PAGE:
D. Massey
                                                    S. Rose

        Limiting the Scope of the KEY Resource Record



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    This document limits the Domain Name System KEY resource
    record to only DNSSEC
     keys. keys used by the Domain Name System Security
    Extensions (DNSSEC). The original KEY resource record used
    sub-typing to store both DNSSEC keys and arbitrary application
    keys.  Storing both DNSSEC and application keys in one record
    was a mistake.  This document removes application keys from
    the KEY record by redefining the Protocol Octet field in
    the KEY RDATA. Resource Record Data.  As a result of removing application
    keys, all but one of the flags in the KEY record become
    unnecessary and are removed.  Three existing application
    key sub-types are changed to historic, reserved, but the format of
    the KEY record is not changed.  This document updates RFC

1 Introduction

This document limits the scope the KEY resource record.  The KEY
resource record was defined in [DNSSEC] [1] and used resource record sub-typing
to hold arbitrary public keys such as Email, IPSEC, DNSSEC, and TLS
keys.  This document eliminates the existing Email, IPSEC, and TLS
sub-types and prohibits the introduction of new sub-types.  DNSSEC
will be the only allowable sub-type for the KEY record (hence sub-typing
is essentially eliminated) and all but one of the KEY record flags
are also eliminated.

Section 2 presents the motivation for restricting the KEY record
and Section ?? 3 defines the revised KEY record.  Section 4 and 5 summarize
the changes from RFC 2535 and discuss backwards compatibility.  It
is important to note that this document restricts the use of the
KEY record and simplifies the flabs, flags, but does not change the definition
or use of DNSSEC keys.

2 Motivation for Restricting the KEY Record

The KEY record RDATA [DNSSEC] [1] consists of flags, Flags, a Protocol Octet, an
Algorithm type, and a public key. Public Key.  The Protocol Octet identifies
the KEY record sub-type.  DNSSEC public keys are stored in the KEY
record using a Protocol Octet value of 3.  Email, IPSEC, and TLS
keys are were also stored in the KEY resource record and using used Protocol Octet values
of 1,2, and 4 (respectively).  Protocol Octet values 5-254 are were available
for assignment by IANA and values have been were requested (but not assigned)
for applications such as SSH.

Any use of sub-typing has inherent limitations.  A resolver can not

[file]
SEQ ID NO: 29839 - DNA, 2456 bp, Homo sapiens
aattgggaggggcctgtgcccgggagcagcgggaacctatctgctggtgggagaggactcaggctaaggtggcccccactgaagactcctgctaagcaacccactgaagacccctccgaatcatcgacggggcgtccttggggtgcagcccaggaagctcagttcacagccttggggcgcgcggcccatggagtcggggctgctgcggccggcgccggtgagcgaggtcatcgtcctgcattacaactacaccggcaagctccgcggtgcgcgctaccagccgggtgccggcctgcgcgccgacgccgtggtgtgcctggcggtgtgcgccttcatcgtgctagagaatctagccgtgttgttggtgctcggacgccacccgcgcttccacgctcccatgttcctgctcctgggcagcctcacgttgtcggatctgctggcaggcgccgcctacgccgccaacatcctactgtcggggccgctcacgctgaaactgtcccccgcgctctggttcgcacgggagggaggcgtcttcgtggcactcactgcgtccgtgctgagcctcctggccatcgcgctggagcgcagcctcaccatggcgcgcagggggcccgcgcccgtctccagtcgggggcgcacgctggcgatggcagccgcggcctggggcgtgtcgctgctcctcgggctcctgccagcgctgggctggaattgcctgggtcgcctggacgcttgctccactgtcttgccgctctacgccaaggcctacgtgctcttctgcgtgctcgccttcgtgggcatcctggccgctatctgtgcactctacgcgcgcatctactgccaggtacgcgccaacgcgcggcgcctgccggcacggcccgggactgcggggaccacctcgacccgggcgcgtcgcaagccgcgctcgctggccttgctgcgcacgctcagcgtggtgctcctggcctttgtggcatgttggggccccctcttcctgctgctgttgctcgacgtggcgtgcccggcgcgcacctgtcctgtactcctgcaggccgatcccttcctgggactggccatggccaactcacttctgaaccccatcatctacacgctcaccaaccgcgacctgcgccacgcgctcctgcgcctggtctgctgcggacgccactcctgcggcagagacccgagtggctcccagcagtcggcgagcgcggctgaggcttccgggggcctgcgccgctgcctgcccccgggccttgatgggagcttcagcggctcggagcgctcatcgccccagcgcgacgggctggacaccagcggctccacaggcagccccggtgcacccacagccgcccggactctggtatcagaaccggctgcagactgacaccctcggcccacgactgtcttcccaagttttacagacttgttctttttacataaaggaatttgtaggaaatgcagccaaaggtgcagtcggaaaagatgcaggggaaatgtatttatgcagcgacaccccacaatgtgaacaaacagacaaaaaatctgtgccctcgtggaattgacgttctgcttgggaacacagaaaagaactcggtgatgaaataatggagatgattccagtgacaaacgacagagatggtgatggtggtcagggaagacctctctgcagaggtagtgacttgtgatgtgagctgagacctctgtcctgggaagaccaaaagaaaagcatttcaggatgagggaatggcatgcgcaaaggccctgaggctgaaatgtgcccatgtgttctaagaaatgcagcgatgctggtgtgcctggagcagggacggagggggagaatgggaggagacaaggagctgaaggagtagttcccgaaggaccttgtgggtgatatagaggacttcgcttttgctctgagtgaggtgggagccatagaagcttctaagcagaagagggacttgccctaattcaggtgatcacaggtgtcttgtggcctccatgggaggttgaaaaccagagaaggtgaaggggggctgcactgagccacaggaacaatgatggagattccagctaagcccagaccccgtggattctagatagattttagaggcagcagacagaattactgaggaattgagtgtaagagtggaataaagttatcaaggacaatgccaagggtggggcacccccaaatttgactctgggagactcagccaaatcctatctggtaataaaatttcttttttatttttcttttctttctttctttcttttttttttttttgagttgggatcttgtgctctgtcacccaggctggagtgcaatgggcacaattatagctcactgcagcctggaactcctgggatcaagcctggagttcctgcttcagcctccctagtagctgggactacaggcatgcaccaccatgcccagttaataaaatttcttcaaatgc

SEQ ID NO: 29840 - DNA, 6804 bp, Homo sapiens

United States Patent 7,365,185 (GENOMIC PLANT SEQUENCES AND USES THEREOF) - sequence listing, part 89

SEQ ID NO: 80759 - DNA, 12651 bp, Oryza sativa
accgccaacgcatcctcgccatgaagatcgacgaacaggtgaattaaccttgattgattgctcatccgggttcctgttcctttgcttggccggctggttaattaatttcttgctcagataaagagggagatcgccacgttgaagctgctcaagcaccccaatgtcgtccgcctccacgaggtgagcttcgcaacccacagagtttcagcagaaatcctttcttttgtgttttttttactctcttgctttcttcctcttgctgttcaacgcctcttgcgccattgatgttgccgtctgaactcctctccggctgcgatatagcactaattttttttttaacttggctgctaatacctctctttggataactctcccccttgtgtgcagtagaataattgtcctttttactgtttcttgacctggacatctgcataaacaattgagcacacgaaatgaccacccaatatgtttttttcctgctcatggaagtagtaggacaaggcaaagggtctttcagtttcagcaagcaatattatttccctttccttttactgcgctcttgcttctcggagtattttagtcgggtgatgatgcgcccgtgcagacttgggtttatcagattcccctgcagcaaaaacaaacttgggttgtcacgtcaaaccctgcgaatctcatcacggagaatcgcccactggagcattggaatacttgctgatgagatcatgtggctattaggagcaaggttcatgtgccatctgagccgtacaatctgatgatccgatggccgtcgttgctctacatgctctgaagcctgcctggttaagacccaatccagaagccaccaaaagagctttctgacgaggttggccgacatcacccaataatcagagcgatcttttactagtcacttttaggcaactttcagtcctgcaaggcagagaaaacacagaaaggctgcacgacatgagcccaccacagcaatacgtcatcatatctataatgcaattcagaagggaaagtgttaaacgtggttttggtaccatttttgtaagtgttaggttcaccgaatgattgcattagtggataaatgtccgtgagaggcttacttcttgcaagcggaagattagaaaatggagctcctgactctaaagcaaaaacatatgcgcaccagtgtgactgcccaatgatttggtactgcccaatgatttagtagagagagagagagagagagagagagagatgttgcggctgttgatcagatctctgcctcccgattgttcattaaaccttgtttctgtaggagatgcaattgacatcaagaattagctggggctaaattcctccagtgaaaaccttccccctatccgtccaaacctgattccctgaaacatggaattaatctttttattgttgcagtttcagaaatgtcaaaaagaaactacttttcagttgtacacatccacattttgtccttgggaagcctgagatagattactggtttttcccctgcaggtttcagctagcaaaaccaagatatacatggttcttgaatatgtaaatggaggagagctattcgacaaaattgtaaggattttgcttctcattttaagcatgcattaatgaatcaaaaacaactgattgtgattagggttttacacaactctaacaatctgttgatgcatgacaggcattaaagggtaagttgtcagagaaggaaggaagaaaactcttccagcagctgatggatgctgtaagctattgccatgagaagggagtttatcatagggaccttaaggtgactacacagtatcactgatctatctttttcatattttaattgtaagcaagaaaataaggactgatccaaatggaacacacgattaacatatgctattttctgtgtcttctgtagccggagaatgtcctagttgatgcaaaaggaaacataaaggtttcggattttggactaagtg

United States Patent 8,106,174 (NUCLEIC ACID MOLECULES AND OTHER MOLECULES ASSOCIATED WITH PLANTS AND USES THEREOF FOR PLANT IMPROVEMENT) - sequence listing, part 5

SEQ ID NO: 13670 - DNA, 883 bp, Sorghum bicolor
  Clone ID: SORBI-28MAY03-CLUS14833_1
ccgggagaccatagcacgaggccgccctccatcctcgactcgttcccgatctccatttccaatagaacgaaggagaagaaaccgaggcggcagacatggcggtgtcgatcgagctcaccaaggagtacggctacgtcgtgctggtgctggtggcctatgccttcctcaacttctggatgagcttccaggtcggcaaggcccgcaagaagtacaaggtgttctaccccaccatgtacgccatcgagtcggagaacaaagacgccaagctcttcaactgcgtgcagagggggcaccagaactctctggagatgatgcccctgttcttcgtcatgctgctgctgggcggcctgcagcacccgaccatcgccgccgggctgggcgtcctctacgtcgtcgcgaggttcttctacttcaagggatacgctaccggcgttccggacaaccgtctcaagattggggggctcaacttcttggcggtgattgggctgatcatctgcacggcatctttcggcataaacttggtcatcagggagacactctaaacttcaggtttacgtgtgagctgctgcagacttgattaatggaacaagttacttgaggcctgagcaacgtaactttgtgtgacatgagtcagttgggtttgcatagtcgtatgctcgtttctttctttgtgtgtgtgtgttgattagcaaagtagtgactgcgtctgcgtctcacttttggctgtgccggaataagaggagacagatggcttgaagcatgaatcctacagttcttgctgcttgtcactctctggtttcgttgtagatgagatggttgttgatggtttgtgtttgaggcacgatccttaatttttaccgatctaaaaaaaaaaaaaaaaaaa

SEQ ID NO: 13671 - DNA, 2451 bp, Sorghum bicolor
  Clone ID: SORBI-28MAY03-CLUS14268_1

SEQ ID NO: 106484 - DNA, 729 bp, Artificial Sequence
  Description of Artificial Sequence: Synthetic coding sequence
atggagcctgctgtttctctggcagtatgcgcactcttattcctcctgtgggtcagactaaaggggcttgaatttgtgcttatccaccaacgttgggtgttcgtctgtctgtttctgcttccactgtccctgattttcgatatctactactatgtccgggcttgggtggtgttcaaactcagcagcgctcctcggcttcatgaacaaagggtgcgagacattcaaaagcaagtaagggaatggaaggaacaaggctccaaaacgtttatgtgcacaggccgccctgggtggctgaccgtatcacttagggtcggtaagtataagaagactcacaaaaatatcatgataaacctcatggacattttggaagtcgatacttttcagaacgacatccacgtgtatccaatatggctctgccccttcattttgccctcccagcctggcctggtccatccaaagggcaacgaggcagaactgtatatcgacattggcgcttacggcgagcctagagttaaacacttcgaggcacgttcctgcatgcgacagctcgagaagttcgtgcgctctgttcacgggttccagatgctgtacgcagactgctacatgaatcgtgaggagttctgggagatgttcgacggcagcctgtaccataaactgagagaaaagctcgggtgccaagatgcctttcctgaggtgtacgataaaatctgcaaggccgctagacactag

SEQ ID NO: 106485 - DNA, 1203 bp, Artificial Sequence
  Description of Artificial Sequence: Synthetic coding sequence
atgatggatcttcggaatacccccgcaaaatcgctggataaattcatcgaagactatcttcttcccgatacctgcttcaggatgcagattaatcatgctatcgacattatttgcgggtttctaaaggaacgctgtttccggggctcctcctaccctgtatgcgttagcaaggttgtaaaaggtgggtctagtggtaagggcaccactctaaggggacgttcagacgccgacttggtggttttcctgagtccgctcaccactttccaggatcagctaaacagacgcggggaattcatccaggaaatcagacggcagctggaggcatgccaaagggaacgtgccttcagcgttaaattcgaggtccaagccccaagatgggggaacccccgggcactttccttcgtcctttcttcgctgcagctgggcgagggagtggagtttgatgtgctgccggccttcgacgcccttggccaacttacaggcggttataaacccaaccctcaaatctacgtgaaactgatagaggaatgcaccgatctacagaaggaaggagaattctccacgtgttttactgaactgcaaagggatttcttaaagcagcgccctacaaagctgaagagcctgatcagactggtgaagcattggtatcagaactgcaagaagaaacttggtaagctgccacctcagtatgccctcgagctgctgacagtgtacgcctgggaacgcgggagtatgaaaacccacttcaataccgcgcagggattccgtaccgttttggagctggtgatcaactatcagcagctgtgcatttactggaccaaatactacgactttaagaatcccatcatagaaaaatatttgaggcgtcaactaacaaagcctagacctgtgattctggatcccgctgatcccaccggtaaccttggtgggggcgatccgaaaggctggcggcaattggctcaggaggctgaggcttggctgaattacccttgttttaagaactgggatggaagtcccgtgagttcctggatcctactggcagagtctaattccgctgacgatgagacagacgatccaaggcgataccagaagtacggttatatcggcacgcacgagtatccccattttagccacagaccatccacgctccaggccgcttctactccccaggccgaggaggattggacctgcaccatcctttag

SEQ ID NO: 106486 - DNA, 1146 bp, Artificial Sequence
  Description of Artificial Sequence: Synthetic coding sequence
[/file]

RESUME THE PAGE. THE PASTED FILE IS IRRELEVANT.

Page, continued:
specify the desired sub-type in a DNS query and most DNS operations
apply only to resource records sets.  For a example, a resolver can
not directly request KEY records with a particular sub-type.  Instead,
the resolver must has to request all KEY records associated with a DNS
name and then search the set for the desired sub-type.  DNSSEC signatures
also apply to the set of all KEY resource records associated with
the DNS name, regardless of sub-type.

In the case of the KEY record, the inherent sub-type limitations
are exacerbated since the sub-type is used to distinguish between
DNSSEC keys and application keys.  DNSSEC keys and application keys
differ in virtually every respect and Section 2.1 discusses these
differences in more detail.  Combining these very different types
of keys into a single sub-typed resource record adds unnecessary
complexity and increases the potential for implementation and deployment

errors.  Limited experimental deployment has shown that application
keys stored in KEY records are problematic.

This document addresses these issues by removing all application keys
from the KEY resource record.  Note that the scope of this document
is strictly limited to the KEY record and this document does not
endorse or restrict the storage of application keys in other resource

2.1 Differences Between DNSSEC and Application Keys

DNSSEC keys are an essential part of the DNSSEC protocol and are
used by both name servers and resolvers in order to perform DNS tasks.
A DNS zone, zone key, used to sign and authenticate RR sets, is the most
common example of a DNSSEC key.  SIG(0) [3] and TKEY [2] also use
DNSSEC keys.

Application keys such as Email keys, IPSEC keys, and TLS keys and are